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Jennifer Marks

Tough Year, Tough Choices

Last year was a tough one for the industry's largest U.S. suppliers, not that this came as a surprise.

But looking over the field of sales declines posted in HTT's annual rankings of the Top 15 and Top 5 suppliers, one should bear in mind that in several cases companies chose to walk away from high-volume programs to protect their profitability. Hats off to them.

This year, the most significant changes are likely to take place among the three old-line mills. Springs and Dan River are being absorbed into off-shore manufacturing companies. In each case, the U.S. business will serve as a North American arm in a broader global distribution strategy for the foreign parent. WestPoint International — the U.S.-based corporate parent of WestPoint Home sales and marketing operations — is shopping abroad for joint ventures and possible acquisitions of its own, but a Springs- or Dan River-like deal is not unthinkable.

Global reach is a sound pursuit in all three cases. The thrust, of course, will inevitably result in a massive downsizing of U.S. operations, both in production and personnel.

The coming year promises to be another challenging one, but not just because of off-shore competition. Across the traditional big-volume channels, home sales have gone slack in recent quarters.

It's no great surprise Anna's Linens decided to withdraw the initial public offering it had planned to undertake in the coming weeks. Look at the landscape!

At Federated, home has dragged at Bloomingdale's, was worse in the consolidated Macy's Home unit and worse still at recently acquired May Co. The remainder of the department store segment is caught up in selling off chunks of their divisions to one another — not a promising environment for merchandising focus.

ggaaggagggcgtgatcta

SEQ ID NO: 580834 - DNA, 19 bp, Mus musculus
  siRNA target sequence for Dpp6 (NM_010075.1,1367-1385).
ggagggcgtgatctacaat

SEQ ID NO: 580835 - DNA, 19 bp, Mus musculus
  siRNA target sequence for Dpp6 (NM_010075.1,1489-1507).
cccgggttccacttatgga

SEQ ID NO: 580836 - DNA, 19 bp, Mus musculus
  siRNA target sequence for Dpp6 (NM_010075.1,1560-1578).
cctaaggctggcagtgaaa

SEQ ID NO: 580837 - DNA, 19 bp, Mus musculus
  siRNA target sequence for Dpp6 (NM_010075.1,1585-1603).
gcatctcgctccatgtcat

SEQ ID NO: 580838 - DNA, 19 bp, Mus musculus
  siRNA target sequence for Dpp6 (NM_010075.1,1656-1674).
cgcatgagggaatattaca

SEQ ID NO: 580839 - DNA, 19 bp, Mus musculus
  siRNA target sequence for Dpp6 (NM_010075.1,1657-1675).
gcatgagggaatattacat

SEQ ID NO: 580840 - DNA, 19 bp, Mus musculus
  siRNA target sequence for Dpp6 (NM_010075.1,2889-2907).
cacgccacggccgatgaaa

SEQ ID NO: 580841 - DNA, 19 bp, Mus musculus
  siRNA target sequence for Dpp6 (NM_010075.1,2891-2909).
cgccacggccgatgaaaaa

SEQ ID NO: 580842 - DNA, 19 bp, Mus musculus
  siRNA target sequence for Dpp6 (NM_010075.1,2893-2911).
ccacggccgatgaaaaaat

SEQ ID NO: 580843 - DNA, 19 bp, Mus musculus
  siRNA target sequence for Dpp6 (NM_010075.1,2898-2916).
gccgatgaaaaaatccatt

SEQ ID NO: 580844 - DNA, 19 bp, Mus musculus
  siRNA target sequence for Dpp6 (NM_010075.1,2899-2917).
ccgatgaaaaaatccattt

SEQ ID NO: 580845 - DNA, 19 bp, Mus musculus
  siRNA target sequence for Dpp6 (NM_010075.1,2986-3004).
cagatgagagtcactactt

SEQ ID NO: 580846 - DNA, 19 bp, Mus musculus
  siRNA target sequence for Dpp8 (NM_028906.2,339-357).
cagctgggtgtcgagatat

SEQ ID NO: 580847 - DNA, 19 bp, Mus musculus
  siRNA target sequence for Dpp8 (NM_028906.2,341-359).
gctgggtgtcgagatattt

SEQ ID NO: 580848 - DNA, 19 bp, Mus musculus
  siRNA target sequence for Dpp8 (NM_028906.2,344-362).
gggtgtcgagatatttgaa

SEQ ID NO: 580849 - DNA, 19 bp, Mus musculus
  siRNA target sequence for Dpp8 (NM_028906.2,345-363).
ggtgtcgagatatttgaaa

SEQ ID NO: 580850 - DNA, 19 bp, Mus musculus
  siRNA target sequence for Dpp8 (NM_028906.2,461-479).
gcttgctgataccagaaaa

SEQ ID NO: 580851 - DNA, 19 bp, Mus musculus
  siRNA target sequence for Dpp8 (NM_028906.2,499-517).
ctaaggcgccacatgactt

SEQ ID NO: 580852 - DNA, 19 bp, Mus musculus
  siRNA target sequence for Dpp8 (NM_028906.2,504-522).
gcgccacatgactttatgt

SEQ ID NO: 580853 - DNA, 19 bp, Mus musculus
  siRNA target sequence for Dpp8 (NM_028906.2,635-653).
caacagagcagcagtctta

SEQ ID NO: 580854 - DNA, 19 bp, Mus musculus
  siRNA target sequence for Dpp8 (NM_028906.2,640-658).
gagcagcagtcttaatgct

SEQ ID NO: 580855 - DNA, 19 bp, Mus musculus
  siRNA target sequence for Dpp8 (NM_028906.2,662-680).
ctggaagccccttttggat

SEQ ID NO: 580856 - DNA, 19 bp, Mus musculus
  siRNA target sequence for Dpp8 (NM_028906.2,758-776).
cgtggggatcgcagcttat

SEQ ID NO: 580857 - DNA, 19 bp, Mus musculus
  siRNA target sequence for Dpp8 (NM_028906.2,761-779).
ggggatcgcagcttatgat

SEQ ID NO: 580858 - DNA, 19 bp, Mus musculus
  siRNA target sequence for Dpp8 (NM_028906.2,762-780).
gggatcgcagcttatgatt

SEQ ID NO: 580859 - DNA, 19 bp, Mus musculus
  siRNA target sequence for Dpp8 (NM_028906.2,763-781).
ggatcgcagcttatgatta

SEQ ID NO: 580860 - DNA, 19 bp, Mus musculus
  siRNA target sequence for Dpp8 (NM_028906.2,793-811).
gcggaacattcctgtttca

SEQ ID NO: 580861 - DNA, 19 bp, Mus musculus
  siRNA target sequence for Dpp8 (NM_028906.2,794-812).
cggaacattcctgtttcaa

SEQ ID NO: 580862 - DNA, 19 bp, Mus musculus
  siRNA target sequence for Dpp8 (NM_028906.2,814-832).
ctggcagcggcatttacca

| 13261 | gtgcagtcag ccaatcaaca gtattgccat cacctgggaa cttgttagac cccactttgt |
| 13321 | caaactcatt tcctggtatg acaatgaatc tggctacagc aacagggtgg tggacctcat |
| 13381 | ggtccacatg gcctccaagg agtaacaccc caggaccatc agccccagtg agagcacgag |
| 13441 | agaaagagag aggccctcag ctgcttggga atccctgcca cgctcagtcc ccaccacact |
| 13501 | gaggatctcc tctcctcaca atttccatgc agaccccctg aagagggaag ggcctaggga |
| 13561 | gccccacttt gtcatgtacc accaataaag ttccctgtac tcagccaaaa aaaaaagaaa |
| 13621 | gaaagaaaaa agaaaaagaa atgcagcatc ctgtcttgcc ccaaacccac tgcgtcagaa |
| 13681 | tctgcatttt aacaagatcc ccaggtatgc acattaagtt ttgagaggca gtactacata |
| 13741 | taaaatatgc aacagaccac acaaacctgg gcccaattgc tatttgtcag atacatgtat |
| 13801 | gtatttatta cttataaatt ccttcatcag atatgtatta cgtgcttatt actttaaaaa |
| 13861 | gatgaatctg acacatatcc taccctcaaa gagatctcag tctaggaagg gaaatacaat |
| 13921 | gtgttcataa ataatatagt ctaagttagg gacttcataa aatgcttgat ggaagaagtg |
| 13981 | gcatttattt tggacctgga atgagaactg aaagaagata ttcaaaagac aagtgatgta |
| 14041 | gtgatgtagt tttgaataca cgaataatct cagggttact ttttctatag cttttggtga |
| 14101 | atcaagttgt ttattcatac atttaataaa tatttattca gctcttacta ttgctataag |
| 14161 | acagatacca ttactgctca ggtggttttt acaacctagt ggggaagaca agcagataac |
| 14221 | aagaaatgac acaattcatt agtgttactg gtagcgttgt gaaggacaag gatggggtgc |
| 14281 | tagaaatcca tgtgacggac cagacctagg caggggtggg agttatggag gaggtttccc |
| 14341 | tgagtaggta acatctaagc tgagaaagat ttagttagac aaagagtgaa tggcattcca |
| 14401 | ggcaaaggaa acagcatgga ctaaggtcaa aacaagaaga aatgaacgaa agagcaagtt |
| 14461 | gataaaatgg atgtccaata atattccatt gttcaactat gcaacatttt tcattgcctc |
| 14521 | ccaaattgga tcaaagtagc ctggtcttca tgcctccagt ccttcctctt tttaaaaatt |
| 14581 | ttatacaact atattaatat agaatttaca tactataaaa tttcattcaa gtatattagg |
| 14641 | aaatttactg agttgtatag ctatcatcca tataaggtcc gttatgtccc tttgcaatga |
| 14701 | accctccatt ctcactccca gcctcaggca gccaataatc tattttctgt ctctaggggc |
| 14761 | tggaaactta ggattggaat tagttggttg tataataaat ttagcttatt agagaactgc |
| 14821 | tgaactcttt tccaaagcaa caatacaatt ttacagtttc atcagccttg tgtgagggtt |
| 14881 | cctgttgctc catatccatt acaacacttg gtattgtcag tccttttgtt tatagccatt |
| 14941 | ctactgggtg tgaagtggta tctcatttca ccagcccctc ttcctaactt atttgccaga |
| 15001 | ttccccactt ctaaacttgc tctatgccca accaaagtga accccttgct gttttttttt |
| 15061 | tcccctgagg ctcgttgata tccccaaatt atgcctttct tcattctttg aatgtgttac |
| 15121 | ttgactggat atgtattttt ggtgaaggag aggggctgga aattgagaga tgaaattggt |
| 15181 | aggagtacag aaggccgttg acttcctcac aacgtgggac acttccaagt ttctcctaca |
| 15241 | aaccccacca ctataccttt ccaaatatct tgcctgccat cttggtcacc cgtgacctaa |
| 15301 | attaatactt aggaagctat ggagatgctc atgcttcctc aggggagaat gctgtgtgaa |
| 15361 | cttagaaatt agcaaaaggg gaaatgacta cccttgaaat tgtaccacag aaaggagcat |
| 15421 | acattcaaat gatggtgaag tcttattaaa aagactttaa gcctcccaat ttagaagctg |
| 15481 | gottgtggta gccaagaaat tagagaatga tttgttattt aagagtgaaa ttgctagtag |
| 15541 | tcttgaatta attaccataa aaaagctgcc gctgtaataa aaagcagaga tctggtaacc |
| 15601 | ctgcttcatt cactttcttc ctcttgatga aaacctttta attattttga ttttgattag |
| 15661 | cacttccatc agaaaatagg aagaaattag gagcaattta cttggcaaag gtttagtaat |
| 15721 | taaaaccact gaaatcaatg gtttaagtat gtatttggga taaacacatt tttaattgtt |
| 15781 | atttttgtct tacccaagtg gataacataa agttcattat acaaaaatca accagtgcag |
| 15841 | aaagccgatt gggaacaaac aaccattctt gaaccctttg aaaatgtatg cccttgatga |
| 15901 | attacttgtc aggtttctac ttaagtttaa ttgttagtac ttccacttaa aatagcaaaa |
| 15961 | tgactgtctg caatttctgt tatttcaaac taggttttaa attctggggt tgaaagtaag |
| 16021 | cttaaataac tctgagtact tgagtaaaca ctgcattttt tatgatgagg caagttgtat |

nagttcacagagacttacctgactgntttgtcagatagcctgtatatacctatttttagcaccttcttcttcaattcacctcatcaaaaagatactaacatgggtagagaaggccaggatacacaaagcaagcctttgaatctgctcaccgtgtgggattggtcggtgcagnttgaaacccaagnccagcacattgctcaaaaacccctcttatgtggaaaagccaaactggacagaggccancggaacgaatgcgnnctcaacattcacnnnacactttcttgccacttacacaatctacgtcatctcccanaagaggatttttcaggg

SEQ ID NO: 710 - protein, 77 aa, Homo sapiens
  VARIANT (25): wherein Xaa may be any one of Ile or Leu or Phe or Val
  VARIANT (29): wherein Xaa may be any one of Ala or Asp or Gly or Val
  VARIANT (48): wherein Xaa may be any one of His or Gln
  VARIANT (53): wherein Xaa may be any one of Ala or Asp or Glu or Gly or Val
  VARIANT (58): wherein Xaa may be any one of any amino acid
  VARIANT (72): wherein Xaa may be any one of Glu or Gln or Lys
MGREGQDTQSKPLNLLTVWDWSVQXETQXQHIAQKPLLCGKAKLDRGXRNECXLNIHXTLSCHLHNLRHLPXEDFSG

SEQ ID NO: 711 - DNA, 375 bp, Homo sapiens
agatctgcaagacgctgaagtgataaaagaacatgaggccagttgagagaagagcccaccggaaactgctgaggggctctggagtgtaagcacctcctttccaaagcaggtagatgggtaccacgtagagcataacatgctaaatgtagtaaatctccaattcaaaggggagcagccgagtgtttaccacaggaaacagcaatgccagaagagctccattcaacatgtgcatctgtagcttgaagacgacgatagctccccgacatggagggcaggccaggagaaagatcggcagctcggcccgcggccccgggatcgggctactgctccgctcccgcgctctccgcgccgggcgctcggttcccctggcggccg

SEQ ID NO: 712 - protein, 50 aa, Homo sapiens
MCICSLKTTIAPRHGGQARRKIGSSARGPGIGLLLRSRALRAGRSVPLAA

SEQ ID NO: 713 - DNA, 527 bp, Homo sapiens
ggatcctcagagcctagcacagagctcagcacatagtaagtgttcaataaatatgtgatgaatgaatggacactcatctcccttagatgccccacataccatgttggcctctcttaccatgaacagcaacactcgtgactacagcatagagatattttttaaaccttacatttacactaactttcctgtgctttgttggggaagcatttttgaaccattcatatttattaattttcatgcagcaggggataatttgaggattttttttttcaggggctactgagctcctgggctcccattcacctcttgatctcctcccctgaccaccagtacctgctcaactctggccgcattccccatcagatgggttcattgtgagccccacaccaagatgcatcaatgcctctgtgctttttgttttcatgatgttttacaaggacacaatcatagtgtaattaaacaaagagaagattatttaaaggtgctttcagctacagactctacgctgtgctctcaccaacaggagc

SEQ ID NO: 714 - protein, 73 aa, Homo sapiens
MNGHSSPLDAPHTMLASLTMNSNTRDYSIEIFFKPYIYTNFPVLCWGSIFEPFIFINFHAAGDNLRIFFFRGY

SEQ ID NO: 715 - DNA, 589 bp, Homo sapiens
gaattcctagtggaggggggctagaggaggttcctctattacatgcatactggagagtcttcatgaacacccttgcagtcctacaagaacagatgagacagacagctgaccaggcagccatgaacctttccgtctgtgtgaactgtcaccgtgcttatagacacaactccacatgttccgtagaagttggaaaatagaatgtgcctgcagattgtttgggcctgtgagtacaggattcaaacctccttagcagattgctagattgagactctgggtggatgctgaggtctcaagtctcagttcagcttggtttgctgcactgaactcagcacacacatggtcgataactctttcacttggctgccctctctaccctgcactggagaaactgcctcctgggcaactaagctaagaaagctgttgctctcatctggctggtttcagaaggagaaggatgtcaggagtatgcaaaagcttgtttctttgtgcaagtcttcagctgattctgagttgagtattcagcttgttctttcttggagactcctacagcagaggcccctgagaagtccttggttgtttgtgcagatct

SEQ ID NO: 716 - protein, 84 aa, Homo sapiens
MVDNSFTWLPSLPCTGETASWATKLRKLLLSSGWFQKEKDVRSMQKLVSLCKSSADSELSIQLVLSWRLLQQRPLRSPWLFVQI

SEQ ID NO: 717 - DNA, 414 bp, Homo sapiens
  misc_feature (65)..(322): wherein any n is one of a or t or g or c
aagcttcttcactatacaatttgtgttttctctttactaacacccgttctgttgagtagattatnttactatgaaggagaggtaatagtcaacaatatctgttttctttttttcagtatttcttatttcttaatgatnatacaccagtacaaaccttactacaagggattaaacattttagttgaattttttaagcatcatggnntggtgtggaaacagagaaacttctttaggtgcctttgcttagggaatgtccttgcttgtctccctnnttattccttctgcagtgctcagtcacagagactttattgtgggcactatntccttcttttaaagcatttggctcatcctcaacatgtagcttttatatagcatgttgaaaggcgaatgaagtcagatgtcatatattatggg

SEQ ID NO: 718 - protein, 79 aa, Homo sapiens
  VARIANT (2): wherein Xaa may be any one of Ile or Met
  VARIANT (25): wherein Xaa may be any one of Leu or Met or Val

In the specialty sector, Linens 'n Things has gone on the block, and Pier 1 is scrambling for a new formula. At MarMaxx, home was a high flier throughout 2004, then hit the skids last year.

Target, which posted impressive total-store comps, had trouble getting the performance in home to match up. Wal-Mart was drubbed all year by analysts for its lackluster approach to the category, and Sears/Kmart is still working through unification of its organizational units.

The opportunities for growth seem to be sprouting up in non-traditional areas for the New York/Carolinas axis of the home textiles world: furniture stores, gift stores, home décor operators, regional hardware chains and niche catalogs. Grocery may be the next channel to keep on eye on, as established regional companies look for ways to compete against Wal-Mart superstores.

Wherever your company is on the line from raw materials to in-store vignette: it's a new year, and the slate is clean. Go get 'em.

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